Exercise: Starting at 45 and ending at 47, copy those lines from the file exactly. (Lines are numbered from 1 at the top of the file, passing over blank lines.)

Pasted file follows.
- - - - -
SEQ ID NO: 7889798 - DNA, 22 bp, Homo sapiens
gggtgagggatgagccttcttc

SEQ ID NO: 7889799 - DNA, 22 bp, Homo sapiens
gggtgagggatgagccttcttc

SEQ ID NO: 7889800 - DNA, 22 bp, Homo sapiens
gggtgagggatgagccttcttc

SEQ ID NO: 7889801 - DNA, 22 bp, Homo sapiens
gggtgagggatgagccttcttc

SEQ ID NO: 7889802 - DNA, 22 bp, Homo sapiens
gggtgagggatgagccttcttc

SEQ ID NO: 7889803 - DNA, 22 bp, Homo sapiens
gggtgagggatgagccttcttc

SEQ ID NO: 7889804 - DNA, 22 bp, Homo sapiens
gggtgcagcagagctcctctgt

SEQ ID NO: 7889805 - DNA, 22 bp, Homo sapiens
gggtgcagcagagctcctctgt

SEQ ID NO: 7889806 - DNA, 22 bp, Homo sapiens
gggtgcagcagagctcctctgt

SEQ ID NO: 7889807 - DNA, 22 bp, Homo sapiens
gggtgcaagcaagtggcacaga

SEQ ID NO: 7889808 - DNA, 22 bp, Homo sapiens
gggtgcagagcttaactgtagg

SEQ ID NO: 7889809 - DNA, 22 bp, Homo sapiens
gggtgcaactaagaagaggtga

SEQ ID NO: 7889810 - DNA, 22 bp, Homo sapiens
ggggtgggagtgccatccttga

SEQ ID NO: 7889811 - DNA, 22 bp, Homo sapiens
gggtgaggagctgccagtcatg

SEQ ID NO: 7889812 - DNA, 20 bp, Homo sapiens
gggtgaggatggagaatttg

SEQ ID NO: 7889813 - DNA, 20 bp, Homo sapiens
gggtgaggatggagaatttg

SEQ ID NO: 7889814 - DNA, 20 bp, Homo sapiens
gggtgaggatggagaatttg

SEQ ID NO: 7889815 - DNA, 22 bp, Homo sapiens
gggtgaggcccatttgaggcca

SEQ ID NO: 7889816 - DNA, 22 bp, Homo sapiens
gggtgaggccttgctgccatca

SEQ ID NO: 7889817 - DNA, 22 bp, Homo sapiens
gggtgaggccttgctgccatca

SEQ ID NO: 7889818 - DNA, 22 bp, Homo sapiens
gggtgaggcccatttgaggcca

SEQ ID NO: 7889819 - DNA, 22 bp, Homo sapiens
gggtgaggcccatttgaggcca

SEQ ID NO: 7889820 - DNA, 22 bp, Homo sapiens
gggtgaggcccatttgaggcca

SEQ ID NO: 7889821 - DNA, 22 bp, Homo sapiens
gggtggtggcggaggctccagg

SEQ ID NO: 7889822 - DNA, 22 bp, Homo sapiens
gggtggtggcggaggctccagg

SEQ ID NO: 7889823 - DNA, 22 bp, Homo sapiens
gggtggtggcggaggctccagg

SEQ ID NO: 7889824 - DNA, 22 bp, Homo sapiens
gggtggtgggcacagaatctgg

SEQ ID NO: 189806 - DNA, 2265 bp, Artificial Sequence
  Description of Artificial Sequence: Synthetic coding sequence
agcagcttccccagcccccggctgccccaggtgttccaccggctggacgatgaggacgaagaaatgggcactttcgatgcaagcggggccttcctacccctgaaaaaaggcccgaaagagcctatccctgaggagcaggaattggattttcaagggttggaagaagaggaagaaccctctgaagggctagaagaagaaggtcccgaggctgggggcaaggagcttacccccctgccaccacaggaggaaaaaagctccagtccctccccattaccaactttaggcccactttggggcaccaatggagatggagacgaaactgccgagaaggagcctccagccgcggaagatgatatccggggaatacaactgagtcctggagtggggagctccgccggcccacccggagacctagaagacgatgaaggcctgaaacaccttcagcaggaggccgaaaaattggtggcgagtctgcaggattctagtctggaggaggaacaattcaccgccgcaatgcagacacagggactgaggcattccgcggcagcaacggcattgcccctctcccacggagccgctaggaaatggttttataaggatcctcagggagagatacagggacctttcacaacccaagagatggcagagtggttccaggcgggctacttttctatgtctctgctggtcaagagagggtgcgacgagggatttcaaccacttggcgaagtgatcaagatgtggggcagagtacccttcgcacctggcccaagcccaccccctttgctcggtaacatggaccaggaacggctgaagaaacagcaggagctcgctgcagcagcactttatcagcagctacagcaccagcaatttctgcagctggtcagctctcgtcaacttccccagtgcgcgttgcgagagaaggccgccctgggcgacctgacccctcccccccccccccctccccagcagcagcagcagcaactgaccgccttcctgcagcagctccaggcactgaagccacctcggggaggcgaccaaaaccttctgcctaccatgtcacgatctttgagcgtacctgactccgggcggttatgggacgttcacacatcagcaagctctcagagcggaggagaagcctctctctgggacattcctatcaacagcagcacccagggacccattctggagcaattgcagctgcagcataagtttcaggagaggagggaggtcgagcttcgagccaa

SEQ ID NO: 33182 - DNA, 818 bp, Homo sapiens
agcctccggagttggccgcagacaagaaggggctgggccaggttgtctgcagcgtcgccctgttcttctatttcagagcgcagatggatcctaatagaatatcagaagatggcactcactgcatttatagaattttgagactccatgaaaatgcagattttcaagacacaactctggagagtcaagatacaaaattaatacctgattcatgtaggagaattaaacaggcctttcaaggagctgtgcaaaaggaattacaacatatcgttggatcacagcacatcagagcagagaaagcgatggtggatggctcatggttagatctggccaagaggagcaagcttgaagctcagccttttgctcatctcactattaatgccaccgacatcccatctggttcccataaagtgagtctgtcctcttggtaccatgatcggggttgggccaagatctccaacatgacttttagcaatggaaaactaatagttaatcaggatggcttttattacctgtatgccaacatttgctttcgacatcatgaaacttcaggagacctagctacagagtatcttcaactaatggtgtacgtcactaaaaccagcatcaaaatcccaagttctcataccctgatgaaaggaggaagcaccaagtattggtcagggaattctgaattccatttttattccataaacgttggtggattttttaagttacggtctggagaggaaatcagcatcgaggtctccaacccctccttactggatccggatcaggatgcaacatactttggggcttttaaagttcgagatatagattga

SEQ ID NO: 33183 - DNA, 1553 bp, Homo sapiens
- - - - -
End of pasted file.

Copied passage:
SEQ ID NO: 7889820 - DNA, 22 bp, Homo sapiens
gggtgaggcccatttgaggcca

SEQ ID NO: 7889821 - DNA, 22 bp, Homo sapiens